Was there a first human?
re R. Isaac and D. Venema
The references you both gave may help me to understand the details of current views of evolutionary processes a little better. Thank you for these references. I’ll be looking at them shortly.
Randy, I know you have much to do for the annual meeting, so I’ll be interested in whatever continued comments you want to make when it’s over. Thanks for taking so much time already.
I know it is not as simple as mere single mutations producing radical changes. I suppose that it’s just easier for me to think in those terms since it gives a clear idea of how changes can occur. Dennis, I don’t see that the more complicated and more realistic processes you mention (combination, recombination, incomplete lineage sorting, etc.) really make a difference to my claim. Maybe after I look at your references I will. But for now doesn’t it seem that whatever genetic changes and recombinations we need to produce the necessary and sufficient conditions for humanness (God-awareness, moral awareness, etc.) we still end up with some in a breeding population who will have those characteristics and others who will not. Those without those characteristics will either eventually become extinct as they are selected out of the population by natural selection or they will form another species. (Here I’m just assuming the simple definition for a species of all members of an interbreeding population.)
Concerning your comment about God-awareness being an awareness a child gradually develops, Dennis, I would think that the child certainly may develop this gradually and yet only be responsible before God at some discreet point in the process. That is, at some point the child is aware that God is there and God is someone to whom they ought to respond spiritually. Before this point the child might have some more vague awareness of God, but this is not certain. If they do at some point have only this vague awareness, then they are not truly aware of God as God until they are aware of how they ought to respond to God. I may be wrong here. It may be that God considers the child to have their humanness actualized at some point at which the child is merely aware of God’s existence and is aware of some other relationship with God. But I would claim that one is not an actualized human but only a potential human until one of these points.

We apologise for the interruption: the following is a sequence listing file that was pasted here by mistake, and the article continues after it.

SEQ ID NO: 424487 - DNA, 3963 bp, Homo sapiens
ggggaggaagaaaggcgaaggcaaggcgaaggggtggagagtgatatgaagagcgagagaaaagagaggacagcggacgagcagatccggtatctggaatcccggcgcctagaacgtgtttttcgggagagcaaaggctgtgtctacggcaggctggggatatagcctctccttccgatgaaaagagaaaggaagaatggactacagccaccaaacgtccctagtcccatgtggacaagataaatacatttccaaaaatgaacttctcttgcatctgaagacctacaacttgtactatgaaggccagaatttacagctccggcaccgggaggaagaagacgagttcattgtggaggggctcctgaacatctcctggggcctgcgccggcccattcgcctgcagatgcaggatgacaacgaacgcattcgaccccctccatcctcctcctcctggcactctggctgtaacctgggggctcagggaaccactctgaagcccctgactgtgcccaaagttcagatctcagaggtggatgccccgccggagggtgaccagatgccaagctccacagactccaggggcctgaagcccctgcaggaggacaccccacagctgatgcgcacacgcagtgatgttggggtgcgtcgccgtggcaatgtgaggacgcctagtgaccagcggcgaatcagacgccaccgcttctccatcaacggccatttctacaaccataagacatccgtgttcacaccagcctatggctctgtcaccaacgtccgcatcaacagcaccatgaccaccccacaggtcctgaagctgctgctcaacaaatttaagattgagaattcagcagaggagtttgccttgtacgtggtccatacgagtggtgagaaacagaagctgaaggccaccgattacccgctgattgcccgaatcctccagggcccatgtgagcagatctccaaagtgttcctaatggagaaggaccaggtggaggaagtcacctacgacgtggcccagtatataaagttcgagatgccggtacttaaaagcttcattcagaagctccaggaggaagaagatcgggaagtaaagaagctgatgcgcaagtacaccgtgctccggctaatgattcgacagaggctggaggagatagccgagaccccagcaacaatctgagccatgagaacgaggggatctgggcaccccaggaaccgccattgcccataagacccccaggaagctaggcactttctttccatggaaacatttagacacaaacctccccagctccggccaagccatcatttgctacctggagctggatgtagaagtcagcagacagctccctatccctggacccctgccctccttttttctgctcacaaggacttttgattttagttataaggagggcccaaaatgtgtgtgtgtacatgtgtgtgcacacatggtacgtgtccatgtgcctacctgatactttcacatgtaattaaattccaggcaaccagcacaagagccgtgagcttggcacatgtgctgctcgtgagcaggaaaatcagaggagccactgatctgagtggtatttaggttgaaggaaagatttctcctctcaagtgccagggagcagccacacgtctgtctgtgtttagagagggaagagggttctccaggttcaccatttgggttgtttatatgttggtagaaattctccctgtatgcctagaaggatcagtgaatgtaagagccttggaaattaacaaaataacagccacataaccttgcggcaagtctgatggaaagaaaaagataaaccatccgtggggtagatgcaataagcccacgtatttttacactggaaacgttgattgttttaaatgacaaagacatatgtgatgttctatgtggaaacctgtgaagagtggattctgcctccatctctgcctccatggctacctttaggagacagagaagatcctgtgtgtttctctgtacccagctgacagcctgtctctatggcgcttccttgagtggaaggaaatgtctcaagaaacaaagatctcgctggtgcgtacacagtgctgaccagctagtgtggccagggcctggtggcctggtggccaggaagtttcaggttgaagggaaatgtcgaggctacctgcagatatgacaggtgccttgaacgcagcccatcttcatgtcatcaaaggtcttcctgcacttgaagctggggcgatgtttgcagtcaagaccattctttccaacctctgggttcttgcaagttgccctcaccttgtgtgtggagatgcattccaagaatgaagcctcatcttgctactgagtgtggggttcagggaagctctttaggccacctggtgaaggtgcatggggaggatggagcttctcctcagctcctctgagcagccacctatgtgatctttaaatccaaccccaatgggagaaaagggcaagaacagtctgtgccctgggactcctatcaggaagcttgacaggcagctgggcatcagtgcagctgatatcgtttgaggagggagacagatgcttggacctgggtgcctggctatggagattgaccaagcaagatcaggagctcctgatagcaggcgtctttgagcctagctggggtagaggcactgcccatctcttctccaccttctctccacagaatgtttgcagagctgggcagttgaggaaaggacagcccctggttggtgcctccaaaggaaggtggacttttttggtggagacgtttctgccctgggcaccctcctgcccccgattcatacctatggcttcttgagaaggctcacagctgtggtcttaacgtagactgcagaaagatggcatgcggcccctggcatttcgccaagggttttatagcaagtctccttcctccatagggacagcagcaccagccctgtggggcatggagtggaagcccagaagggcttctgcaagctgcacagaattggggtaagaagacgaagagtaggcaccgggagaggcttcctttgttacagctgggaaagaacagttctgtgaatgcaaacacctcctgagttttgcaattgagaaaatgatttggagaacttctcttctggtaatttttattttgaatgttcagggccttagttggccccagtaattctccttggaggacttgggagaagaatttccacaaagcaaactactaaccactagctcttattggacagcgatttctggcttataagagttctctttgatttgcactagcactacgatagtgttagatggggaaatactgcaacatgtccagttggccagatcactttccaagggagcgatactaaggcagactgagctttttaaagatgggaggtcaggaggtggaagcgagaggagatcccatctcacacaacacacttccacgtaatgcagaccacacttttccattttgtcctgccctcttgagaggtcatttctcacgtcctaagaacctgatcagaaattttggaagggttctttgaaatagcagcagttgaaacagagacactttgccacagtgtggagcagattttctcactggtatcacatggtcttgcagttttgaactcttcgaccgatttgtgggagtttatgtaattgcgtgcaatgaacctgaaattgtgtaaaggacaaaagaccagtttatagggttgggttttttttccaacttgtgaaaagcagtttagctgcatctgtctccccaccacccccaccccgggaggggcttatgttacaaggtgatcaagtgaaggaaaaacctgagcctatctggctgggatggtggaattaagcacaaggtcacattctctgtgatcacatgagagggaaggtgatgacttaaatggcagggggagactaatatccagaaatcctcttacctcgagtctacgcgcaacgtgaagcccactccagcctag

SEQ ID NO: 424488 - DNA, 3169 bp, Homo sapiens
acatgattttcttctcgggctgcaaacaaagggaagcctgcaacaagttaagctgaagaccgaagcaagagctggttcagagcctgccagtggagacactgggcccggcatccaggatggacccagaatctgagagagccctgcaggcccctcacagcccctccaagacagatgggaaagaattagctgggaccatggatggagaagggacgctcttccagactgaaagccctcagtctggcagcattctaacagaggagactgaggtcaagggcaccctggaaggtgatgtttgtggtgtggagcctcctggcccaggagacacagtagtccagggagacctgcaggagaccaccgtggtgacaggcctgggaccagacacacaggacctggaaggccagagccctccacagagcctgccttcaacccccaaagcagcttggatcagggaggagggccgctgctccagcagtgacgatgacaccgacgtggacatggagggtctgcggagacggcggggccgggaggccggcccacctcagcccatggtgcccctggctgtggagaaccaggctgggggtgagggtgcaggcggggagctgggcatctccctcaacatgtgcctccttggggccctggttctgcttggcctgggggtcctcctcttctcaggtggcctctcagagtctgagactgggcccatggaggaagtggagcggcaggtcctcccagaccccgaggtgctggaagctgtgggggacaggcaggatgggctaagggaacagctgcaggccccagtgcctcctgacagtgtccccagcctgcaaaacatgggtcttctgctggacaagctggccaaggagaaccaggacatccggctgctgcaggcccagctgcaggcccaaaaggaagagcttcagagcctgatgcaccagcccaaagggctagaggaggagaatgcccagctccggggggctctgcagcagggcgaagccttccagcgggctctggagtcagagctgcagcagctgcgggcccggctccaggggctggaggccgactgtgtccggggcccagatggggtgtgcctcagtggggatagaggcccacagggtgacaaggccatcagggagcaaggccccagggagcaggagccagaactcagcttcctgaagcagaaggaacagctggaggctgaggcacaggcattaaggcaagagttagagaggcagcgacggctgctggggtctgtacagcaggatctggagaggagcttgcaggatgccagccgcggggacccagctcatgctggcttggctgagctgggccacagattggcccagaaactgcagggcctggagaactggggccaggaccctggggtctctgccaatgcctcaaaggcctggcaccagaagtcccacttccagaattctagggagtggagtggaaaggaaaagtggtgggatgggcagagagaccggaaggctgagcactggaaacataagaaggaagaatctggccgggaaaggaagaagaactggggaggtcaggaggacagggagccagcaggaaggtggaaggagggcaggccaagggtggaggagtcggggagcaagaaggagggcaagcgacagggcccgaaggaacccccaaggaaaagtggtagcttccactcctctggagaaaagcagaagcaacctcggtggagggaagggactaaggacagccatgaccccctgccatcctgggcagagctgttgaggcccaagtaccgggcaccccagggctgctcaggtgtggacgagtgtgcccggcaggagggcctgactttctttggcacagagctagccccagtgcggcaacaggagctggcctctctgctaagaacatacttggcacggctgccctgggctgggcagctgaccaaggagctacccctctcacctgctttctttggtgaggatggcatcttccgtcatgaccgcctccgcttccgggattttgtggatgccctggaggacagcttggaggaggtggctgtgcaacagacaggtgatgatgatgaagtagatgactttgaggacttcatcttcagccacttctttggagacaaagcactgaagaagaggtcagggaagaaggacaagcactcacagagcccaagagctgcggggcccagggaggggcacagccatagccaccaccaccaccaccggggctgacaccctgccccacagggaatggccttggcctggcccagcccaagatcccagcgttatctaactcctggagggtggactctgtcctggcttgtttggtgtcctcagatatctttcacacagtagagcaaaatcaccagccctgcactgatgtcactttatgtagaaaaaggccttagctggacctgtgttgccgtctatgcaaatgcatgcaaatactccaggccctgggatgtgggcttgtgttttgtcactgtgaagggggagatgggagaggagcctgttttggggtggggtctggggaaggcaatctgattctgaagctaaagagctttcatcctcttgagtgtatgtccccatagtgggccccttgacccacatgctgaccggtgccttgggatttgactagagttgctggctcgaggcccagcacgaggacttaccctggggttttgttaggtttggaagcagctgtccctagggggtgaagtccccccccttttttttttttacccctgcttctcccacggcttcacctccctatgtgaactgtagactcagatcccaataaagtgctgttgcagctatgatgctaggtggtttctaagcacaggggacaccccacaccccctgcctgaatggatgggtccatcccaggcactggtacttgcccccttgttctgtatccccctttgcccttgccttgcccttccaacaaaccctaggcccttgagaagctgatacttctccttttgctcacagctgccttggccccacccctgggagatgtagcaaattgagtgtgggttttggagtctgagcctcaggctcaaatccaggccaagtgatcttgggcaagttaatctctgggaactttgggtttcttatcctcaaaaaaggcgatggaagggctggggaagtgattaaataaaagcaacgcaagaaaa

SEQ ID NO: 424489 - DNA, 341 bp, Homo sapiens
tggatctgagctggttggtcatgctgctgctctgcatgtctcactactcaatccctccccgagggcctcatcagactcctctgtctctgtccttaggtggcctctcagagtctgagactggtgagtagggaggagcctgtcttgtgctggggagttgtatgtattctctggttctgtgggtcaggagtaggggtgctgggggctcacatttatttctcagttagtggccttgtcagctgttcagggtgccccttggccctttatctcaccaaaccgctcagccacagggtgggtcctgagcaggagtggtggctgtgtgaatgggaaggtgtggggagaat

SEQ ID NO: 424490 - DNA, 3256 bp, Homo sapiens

It is not as though this understanding can be used to justify infanticide, for example, since God sees a person as one through time. God sees the infant as the same person who will someday have moral and God-awareness. God does so because both are the same person. I am the same person I was as a new-born and even as a fetus once I was given sentience. The same awareness persists through time and constitutes the identity of a person. Nevertheless, humanness occurs at a discreet point. Before that point of moral awareness and God-awareness, one has no greater awareness than that of the other animals. At least one might say that any greater awareness up to this point does not make any difference.
Now the primate that is just on the verge of God-awareness but doesn’t quite possess it in it’s life may be the parent of a primate which does possess God awareness. But because the first primate is not the same person as the second, because it is cut off from this distinct awareness, it is not human. Only the second primate is human. So again, it seems to me that humanness is something one either has or does not have.
I’ve mentioned my indebtedness to your work in one of my earlier comments in this discussion, Dennis. Thanks again for your added comments. I’ll get to your study on the BioLogos web site shortly.